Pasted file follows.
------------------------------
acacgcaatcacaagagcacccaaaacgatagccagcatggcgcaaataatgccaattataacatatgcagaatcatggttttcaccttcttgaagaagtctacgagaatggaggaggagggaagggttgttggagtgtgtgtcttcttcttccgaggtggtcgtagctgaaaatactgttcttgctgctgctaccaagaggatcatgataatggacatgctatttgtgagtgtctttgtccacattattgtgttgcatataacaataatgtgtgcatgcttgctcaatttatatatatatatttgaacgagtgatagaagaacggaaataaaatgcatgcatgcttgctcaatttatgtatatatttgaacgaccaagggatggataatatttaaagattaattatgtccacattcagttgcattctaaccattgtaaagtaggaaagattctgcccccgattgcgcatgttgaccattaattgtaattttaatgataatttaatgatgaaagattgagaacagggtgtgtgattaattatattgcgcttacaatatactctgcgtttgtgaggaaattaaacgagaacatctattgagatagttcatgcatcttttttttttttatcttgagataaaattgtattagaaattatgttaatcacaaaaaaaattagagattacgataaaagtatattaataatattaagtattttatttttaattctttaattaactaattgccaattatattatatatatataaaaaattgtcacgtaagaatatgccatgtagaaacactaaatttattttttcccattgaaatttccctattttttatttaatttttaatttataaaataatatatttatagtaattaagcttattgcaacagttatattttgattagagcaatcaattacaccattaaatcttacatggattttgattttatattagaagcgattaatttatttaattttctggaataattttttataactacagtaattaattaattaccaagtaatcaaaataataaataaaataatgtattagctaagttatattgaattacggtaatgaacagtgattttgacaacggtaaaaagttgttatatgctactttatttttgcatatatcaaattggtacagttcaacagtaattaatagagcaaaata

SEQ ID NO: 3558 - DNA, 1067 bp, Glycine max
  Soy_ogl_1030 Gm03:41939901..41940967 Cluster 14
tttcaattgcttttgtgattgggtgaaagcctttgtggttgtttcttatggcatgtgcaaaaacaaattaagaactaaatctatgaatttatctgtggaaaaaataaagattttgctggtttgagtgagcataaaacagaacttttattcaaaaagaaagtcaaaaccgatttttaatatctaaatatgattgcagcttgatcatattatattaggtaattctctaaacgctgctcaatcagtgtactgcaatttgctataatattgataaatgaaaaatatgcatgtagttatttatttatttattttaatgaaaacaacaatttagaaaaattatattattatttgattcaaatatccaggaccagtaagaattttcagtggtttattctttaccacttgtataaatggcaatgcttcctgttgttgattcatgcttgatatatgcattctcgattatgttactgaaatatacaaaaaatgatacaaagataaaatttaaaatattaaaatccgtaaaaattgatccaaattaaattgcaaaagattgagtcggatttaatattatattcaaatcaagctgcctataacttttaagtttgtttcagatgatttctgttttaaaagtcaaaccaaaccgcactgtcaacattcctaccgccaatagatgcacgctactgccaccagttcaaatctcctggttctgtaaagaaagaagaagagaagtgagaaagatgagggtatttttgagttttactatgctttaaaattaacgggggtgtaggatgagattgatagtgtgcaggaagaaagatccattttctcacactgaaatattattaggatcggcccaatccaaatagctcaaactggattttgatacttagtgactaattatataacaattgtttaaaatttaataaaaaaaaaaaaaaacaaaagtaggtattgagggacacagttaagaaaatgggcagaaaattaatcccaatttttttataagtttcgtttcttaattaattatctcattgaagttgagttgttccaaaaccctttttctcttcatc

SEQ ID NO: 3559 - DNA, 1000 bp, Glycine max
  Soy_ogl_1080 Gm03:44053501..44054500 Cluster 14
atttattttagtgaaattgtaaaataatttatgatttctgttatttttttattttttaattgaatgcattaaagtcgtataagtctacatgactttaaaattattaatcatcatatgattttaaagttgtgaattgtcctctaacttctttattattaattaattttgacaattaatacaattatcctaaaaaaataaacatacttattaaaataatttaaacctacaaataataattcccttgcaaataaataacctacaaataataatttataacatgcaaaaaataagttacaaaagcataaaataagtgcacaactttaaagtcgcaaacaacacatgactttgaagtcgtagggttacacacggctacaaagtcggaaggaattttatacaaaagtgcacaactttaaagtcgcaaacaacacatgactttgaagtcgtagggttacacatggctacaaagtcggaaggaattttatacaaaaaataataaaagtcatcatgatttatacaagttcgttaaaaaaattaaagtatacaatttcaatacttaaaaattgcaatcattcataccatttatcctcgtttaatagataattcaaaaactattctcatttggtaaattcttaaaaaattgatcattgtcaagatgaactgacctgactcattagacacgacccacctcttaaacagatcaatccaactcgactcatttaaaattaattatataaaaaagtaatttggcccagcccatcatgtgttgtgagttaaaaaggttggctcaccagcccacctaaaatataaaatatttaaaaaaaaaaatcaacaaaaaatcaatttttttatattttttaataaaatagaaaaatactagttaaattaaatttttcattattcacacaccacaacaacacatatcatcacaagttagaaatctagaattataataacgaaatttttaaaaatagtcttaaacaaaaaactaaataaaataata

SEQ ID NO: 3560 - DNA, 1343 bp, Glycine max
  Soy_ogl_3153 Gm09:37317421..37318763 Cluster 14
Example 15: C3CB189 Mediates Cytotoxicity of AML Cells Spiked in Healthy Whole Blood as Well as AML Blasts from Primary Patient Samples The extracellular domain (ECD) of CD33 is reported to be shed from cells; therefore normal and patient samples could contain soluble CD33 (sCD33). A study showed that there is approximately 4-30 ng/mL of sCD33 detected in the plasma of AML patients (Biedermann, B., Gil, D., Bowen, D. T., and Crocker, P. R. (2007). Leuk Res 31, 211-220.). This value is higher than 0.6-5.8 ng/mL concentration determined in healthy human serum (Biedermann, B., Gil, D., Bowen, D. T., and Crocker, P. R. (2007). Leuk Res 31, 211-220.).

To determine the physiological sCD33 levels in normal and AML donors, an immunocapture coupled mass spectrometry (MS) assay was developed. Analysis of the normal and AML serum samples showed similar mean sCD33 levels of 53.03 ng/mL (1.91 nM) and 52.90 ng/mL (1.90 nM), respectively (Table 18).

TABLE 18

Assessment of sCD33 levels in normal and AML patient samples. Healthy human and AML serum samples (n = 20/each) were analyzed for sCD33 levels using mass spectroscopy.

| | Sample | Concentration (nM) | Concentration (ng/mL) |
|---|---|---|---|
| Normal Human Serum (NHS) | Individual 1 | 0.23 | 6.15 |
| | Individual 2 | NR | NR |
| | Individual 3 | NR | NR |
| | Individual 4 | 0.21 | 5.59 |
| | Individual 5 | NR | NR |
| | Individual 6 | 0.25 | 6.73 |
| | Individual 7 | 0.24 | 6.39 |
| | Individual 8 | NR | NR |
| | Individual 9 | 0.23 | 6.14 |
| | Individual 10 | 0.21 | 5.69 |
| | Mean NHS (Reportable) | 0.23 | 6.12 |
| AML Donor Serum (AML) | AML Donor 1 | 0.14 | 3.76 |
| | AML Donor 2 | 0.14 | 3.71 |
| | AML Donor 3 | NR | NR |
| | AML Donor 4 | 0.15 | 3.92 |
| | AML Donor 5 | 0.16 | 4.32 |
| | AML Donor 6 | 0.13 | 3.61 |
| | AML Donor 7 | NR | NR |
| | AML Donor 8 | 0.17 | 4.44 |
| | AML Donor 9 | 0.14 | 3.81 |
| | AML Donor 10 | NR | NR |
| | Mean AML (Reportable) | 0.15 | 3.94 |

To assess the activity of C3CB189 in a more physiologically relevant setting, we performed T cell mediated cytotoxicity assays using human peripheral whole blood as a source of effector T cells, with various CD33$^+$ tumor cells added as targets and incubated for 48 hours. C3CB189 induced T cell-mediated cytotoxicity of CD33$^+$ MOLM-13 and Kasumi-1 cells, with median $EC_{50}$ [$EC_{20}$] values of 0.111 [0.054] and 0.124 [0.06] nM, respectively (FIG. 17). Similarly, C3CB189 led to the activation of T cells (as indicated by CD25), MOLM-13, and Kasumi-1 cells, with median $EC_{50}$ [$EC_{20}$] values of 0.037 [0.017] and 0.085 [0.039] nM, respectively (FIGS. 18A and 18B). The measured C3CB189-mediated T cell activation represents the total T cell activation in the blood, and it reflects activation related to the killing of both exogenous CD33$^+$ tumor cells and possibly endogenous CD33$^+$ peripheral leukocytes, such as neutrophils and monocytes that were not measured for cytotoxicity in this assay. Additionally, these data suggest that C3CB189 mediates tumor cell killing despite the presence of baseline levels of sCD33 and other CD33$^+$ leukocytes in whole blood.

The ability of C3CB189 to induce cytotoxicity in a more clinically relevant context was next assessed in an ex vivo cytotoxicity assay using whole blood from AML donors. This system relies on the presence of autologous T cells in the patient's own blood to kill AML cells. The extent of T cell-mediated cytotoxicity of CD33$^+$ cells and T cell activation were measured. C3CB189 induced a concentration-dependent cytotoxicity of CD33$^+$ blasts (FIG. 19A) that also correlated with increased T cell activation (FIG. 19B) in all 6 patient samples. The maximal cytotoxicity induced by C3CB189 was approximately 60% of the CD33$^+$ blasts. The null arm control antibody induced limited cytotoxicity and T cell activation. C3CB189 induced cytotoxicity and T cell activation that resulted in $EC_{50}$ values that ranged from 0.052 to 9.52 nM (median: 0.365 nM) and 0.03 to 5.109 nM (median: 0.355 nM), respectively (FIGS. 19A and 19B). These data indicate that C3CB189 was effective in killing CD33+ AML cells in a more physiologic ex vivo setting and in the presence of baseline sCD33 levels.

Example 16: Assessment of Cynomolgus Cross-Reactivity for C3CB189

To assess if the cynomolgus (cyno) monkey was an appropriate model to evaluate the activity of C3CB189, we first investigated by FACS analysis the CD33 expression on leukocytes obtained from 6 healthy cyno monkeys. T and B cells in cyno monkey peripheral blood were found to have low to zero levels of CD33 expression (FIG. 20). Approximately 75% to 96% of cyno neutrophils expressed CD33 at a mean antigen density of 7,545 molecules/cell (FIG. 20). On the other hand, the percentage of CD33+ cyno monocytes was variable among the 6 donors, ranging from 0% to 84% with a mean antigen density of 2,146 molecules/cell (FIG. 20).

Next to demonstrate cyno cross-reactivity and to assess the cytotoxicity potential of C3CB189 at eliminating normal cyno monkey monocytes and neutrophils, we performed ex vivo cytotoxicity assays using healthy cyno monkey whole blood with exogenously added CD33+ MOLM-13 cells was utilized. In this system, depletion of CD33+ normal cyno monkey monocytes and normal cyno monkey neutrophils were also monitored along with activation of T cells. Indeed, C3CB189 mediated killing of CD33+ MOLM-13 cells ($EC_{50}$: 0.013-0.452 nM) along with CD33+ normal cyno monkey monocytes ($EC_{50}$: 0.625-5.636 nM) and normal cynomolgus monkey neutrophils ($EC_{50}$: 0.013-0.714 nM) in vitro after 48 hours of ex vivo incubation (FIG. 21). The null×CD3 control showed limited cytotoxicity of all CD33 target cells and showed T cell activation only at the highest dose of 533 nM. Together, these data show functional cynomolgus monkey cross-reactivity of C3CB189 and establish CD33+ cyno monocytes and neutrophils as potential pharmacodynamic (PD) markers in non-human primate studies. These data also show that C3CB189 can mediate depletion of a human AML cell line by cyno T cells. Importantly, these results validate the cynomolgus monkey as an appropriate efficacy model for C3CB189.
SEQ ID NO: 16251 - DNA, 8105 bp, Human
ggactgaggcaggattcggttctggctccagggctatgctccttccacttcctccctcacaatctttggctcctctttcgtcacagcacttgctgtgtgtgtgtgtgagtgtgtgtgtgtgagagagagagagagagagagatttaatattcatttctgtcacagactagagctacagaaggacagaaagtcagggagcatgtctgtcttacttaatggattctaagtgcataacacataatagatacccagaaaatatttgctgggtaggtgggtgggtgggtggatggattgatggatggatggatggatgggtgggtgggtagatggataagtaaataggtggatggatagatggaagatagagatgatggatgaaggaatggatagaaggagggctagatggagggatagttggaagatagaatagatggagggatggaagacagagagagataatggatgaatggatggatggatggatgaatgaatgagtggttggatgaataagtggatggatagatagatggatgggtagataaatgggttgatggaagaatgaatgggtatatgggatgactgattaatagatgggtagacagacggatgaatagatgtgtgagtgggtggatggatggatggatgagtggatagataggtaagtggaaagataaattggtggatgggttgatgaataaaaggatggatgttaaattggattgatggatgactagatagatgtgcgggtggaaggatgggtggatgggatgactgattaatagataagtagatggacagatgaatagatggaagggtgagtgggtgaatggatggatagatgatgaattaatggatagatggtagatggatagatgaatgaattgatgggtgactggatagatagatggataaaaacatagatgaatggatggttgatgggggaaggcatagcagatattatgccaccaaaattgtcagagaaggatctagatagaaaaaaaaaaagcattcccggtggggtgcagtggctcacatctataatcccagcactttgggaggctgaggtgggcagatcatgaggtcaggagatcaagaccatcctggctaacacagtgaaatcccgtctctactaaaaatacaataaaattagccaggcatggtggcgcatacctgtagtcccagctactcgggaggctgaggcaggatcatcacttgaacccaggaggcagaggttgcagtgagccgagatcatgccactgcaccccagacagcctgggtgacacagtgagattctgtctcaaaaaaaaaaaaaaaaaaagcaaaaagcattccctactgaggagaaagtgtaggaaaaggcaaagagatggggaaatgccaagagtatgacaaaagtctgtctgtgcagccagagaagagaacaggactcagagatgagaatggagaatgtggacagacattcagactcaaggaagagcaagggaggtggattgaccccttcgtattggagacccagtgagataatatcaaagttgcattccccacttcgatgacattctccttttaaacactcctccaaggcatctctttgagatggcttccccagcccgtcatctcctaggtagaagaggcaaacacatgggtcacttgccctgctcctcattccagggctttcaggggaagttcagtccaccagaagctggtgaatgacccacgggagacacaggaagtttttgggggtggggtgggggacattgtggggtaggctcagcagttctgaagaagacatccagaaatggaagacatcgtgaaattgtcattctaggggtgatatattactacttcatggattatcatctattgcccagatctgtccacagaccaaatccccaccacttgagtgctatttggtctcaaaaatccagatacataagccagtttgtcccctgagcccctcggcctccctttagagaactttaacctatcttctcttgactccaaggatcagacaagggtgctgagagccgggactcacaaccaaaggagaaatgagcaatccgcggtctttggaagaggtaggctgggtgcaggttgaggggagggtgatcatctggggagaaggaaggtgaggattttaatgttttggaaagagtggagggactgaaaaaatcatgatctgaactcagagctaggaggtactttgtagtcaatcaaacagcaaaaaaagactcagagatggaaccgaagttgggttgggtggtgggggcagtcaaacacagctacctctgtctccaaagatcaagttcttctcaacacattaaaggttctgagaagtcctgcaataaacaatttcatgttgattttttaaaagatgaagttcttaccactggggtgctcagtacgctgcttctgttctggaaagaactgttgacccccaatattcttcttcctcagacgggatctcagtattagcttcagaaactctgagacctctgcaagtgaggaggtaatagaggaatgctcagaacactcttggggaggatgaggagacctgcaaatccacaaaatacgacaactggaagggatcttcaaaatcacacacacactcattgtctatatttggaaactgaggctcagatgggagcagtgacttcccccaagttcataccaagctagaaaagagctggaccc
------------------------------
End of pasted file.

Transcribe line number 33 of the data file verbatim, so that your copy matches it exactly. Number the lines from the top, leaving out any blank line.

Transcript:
| | AML Donor 7 | NR | NR |